Turkey's President Abdullah Gul: Iran must be more transparent on nuclear program
Turkey's President Abdullah Gul discusses Iran's nuclear program, Turkey's unique role as a mediator, and next steps for Israel after the Gaza flotilla incident.
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Nathan Gardels: Turkey is now the main mediator between the West and Iran over Iran’s nuclear program. Many are looking to Turkey as the last hope of preventing confrontation. Yet, some worry that Turkey is not so concerned if Iran gets a bomb and that its interventions are just buying time for Iran. How serious is Turkey? What role can it really play?
Abdullah Gul: First of all, let me say that you should not underestimate how seriously we take the issue of a nuclearized Iran. After all, we are neighbors and nuclear weapons would threaten us most of all. We are the first to object.
Having said that, all our efforts are going to solving the issue diplomatically. The last thing we need is another war in this region. The war in Iraq caused us immense problems, both economically and politically. It created huge security and immigration problems.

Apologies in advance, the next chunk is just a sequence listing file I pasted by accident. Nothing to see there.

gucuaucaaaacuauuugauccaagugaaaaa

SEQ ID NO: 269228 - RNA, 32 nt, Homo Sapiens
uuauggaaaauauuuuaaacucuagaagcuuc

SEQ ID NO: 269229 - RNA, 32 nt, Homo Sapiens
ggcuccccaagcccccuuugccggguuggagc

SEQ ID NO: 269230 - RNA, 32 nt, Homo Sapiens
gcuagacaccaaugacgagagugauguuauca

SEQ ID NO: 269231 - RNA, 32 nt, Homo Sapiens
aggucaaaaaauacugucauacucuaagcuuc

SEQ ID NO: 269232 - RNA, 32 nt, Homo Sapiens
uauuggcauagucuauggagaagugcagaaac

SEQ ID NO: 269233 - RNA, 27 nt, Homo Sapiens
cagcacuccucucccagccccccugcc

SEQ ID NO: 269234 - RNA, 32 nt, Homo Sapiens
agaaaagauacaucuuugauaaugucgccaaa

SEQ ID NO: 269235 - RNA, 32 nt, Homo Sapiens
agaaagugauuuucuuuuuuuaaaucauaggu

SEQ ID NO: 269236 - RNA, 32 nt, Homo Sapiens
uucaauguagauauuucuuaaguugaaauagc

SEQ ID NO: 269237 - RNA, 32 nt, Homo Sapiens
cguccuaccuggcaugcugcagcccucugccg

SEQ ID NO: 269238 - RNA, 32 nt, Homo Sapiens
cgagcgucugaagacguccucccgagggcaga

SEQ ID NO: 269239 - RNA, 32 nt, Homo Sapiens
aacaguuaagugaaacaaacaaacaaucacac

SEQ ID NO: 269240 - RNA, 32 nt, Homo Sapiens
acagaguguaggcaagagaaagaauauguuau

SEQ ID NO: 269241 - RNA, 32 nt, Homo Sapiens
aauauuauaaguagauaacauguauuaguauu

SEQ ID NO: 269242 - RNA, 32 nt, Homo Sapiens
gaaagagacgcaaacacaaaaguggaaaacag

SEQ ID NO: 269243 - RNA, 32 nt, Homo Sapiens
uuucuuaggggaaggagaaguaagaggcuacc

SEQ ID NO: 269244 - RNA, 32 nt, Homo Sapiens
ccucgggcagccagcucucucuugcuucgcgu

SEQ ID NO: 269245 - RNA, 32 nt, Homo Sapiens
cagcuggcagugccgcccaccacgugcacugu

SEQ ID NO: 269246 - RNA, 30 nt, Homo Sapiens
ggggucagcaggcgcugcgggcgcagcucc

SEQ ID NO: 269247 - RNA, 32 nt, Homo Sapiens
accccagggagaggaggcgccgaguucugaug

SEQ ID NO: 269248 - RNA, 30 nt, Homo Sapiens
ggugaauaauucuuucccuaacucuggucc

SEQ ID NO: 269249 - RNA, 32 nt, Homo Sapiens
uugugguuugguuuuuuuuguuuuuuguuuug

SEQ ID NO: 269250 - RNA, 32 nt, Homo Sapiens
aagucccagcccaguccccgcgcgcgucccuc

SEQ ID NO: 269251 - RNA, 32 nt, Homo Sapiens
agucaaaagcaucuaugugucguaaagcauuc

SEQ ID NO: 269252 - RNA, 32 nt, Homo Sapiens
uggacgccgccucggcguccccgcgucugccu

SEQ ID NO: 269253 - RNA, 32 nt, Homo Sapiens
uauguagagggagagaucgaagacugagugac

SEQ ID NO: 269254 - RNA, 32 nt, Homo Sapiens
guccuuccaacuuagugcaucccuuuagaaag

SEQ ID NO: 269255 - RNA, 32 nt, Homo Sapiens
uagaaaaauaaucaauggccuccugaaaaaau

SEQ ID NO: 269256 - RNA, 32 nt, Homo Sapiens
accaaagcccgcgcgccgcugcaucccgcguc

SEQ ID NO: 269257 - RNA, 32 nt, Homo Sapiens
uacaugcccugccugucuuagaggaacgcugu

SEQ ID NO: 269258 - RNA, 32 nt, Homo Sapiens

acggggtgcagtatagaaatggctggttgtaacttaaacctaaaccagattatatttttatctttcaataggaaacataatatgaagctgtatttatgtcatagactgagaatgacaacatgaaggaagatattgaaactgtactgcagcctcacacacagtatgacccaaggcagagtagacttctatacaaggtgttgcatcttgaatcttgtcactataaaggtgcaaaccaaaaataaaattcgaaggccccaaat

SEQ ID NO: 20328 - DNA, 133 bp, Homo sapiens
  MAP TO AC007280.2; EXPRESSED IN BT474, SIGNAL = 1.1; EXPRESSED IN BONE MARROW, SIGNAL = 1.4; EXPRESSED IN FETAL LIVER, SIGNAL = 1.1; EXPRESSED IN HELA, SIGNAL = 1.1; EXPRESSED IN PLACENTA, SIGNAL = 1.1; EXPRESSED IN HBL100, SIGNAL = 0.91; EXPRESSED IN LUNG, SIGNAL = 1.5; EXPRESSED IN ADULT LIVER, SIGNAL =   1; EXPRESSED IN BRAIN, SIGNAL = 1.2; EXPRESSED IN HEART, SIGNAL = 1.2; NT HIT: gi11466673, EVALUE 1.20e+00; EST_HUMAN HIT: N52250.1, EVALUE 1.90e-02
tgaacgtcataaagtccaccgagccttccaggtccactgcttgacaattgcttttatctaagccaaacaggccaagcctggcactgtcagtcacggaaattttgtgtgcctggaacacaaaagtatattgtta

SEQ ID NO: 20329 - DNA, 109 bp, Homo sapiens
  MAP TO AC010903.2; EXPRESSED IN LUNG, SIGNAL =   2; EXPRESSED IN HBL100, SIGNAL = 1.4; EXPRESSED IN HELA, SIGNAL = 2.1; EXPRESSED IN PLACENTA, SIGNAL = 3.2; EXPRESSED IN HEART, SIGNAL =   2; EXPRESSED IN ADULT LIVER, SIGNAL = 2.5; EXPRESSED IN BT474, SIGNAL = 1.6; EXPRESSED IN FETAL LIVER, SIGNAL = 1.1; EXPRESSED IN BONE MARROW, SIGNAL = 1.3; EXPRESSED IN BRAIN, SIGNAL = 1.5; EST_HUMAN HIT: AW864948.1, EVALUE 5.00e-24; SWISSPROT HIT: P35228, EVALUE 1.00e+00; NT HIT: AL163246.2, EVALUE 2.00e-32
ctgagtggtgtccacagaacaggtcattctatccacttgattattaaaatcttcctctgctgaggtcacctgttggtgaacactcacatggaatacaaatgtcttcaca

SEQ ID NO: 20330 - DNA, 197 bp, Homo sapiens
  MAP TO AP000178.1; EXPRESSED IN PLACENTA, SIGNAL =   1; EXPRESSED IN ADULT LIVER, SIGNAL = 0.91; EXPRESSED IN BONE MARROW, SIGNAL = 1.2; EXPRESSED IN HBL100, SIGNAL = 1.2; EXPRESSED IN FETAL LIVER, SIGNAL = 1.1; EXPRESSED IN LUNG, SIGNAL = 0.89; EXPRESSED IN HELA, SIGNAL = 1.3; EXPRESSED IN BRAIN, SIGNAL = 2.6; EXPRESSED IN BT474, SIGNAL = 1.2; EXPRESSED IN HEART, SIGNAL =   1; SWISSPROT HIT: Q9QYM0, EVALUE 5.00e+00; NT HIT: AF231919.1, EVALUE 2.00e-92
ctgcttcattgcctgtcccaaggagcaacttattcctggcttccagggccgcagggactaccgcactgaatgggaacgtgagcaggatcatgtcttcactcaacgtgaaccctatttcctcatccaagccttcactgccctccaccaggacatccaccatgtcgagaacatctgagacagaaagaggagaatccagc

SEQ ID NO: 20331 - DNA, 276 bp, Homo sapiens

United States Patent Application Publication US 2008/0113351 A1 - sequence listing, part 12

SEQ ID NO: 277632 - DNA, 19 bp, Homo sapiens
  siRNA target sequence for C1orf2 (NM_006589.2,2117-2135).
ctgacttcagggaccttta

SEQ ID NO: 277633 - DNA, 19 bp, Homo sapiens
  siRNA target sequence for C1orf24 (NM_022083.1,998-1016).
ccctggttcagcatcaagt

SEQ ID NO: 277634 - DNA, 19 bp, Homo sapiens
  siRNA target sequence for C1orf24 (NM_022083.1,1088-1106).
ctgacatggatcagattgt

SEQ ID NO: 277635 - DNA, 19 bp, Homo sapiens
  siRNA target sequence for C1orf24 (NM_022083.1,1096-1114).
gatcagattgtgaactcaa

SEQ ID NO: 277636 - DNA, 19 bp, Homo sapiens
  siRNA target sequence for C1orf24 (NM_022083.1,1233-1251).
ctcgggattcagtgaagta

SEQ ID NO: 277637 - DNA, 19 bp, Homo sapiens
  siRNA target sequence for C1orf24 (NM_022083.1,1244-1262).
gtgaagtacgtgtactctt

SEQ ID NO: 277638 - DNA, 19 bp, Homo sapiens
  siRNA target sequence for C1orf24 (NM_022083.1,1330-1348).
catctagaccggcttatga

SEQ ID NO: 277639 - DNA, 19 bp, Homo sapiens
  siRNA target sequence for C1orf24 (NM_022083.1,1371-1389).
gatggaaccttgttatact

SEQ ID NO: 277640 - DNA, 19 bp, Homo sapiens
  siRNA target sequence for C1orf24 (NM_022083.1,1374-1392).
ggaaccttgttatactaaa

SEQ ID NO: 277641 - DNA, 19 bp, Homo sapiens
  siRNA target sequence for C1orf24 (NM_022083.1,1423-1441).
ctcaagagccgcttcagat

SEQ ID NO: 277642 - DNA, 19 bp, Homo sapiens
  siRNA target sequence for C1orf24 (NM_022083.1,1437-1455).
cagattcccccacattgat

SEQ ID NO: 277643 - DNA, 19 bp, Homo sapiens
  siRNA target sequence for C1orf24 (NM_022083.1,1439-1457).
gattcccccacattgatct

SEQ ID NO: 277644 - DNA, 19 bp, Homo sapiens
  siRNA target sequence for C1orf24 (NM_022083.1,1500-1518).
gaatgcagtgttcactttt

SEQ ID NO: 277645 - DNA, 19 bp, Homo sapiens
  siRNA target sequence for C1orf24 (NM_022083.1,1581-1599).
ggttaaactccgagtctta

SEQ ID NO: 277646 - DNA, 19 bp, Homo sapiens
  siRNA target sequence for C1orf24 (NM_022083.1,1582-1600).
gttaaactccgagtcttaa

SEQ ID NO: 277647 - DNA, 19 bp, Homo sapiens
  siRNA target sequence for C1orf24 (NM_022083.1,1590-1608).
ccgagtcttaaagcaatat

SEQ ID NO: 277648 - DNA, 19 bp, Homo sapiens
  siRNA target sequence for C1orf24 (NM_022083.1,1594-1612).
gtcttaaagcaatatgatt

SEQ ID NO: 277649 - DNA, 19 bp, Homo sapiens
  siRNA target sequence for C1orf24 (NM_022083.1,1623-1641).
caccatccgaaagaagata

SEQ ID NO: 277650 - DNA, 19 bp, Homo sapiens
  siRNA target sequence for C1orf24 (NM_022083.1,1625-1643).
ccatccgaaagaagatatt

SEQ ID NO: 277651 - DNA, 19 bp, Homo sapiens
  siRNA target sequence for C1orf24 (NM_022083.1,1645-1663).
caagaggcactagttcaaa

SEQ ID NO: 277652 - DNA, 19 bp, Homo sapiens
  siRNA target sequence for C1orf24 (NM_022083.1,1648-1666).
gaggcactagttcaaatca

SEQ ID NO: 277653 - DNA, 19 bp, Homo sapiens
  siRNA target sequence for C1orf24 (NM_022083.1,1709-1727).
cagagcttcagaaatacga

We believe we can uniquely contribute to the diplomatic solution because we are the only ones in the NATO alliance that can talk directly to the Iranian leadership and have a frank and free exchange of opinions.
A deal with Iran
Gardels: What is the essence of the deal that can be made with Iran?
Gul: If you look at the so-called “Additional Protocol” of the International Atomic Energy Agency (IAEA) and the Security Council, it is about “confidence building measures.” Our role in the end is to continue pushing Iran down this road of confidence building toward a diplomatic solution.
Gardels: Do you believe the Iranians are negotiating in good faith? Or are they using talks with Turkey to buy time as their enrichment goes forward so they have break-out capacity for a weapon?
Gul: I can’t say “no” they are not seeking a bomb; I can’t say “yes” they are.
We don’t know. The only agency that can answer this question is the IAEA. Iran is not only a member of the IAEA but also a signatory to the Non-Proliferation Treaty. So, they are obliged to show transparency over all aspects of their nuclear program.
The issue at hand is whether or not there is enough transparency on Iran’s part. At the UN General Assembly last week, President Obama said the door remains open to diplomacy. But he said the Iranian government must demonstrate a clear and credible commitment through more transparency and confirm to the world the peaceful intent of its nuclear program. Iran must respond to this. And we are ready to help them do so.